There are plenty of ways to get this incredibly healthy protein into your diet including in all types of baking from cakes to cookies, to breads and muffins. Boost your nutritionals in soups, salads or even pancakes. You can experiment with it in some tortillas or even in pie crusts. Just a few ideas - so let’s get cooking!

• They can taste great and not all crickets taste the same! That’s right, crickets taste different from one another based on their species. At Fit Cricket Nutrition we use only the Acheta Domestica which is lighter in taste. In fact, most people that try it are

Try this recipe! Double Chocolate & Coconut Paleo Cricket Cookies (Page 16)


Makes 15 cookies By: Naughty Nutrition

Ingredients • 1/2 cup shredded coconut, unsweetened

• 1 cup almond flour

• 1​ /3 cup maple syrup

• 1/3 cup almond butter, or any other nut butter

• 1/4 cup cricket powder

• 1/4 cup coconut oil, melted

• 1/2 tsp baking powder

• 1 egg, room temperature

• 1/3 cup cacao

• 1/2 tsp baking soda

• 1 tsp vanilla extract

• 1/2 cup dark chocolate chips

Method 1 Preheat your oven to 350F. 2 Take all the dry ingredients (except for chocolate chips) and thoroughly combine into a bowl. 3 In a separate bowl add all the wet ingredients and cream together until combined.


4 Make a well with the dry ingredients and add the wet ingredients. Mix until everything is incorporated, then fold in the chocolate chips. 5 Take a cookie scoop (or about 1 tbsp of batter) and portion out 15 cookies on to a parchment-lined baking tray. 6 Bake for about 10-12 minutes (if overcooked they will get dry).


Listen up: Summer has finally arrived! Get ready to barbeque to your heart’s content, wade in the water until your fingers (and toes!) prune, and lick melted popsicle off your arm. Summer is a license to chill! Literally. And while you’re enjoying all the season has to offer, why not go next-level by adopting a few greener measures that say a big thank you to Mother Nature.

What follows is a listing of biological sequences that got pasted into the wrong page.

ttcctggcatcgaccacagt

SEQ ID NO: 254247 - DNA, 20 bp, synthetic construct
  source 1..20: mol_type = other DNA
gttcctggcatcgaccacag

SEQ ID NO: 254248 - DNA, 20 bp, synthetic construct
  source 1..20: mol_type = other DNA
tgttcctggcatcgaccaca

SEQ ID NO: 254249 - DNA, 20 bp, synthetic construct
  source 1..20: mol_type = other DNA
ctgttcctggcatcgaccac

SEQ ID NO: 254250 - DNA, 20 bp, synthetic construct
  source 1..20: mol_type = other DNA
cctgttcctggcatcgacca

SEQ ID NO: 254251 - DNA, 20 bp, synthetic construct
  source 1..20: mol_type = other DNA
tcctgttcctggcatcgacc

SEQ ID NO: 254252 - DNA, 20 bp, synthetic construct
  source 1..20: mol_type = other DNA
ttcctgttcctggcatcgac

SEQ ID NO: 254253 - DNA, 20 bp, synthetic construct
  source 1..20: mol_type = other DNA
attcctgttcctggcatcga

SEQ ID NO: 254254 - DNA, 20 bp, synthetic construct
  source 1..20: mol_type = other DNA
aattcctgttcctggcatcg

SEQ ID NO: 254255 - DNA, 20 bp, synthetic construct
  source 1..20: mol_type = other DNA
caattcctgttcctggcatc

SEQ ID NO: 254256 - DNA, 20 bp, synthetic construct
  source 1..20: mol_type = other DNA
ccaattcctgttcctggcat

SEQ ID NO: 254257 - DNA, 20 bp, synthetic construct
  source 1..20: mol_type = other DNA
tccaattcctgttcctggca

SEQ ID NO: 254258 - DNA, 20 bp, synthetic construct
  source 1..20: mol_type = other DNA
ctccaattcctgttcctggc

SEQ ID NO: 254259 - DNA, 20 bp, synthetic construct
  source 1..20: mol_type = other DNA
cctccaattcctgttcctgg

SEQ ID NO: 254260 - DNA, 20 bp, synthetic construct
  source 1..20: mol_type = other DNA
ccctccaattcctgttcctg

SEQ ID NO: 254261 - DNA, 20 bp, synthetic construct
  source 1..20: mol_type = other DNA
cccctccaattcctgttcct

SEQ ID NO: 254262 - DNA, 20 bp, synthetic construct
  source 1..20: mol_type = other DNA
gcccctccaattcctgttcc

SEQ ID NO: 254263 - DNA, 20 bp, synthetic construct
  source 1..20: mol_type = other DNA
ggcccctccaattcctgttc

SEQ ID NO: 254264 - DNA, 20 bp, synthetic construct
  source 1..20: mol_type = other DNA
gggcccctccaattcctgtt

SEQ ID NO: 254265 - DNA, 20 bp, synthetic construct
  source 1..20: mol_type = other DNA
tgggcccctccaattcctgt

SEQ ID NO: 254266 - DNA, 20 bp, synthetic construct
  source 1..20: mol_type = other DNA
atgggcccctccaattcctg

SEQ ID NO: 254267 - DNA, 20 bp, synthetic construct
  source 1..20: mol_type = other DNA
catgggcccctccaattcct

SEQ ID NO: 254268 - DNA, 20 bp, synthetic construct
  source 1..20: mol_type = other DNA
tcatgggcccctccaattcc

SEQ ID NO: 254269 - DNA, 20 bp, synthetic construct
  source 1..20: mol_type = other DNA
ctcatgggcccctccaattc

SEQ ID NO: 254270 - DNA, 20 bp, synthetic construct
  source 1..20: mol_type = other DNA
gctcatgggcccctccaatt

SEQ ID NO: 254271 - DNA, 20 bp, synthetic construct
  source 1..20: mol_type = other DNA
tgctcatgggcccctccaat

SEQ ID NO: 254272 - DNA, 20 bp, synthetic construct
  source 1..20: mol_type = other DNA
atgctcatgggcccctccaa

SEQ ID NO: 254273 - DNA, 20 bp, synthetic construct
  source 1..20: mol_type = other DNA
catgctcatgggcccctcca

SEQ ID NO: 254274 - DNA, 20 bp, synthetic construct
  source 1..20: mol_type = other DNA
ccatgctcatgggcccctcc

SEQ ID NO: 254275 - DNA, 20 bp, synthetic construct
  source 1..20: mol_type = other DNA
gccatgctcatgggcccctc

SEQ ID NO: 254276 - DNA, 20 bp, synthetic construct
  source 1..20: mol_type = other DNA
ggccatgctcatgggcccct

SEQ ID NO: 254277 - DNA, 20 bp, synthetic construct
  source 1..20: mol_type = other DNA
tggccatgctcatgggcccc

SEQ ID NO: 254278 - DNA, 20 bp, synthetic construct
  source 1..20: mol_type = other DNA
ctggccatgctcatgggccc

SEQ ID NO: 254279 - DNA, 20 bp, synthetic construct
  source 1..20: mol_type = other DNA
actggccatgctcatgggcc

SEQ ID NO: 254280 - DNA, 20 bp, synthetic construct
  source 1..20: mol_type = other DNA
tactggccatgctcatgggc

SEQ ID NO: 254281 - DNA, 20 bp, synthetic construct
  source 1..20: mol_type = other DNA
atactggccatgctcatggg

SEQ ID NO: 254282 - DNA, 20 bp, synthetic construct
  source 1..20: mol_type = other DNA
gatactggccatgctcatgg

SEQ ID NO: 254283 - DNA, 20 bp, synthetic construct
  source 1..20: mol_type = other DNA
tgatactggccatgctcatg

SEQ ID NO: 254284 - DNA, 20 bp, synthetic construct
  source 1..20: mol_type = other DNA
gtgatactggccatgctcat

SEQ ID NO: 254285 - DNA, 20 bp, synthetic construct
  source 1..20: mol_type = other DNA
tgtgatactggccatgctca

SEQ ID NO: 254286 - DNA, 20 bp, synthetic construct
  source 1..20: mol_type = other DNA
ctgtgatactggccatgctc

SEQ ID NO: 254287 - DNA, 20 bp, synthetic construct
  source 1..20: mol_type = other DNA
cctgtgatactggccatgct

1. Ditch the plastic. Maybe you’ve already started doing this. Perhaps you’ve even gotten tough on the storage container drawer. Make this summer the one you go full on plastic-free and toss anything plastic (even those BPAfree plastics aren’t awesome!), and try stainless or glass. If you’re on the go, especially with the kiddos, make sure to pack a reusable water bottle and a set of stainless straws. Not only are they reusable superstars, they also make drinks feel colder (which is always a welcome surprise on a hot summer day!) 2. Keep the cool factor in check. Sure, being able to cuddle under a duvet in a super-cool room at night might be a summer luxury you look forward to at the end of a long, sweaty day, but cranking the a/c isn’t only hard on the pocketbook, it’s also hard on the environment! If you have central 17

air, invest in a programmable thermostat that will automatically set the temperature higher when you’re away. And when you’re home, try a little test to see how cool you actually need it to be comfortable by starting at 26 degrees and dropping it a half degree at a time until it feels just right! You can also help keep things cooler by investing in a few fans, letting the cool outside air in at night, and by keeping curtains drawn and windows closed on those scorchers. 3. Hit the farmers’ market. Got a hankering for some local peaches? Instead of heading to your neighbourhood grocery store, why not pop by a farmers’ market? Not only is it great to support your local farmer, it’s also a fun excuse to get a little exercise, check out the scene, and maybe pick up something delectable you or your family have never tried before. Best part? Many vendors at farmers’ markets offer organic, naturally grown, or even biodynamic products. While you’re there, grab some delicious local honey to drizzle on that perfectly fresh-from-the-farm fruit! 4. Use non-toxic sunscreen. While covering up skin is a summertime essential, sometimes (like at the beach) less is more. Protect that tender skin with sunscreen! While there are a number of sunscreens on the market that 18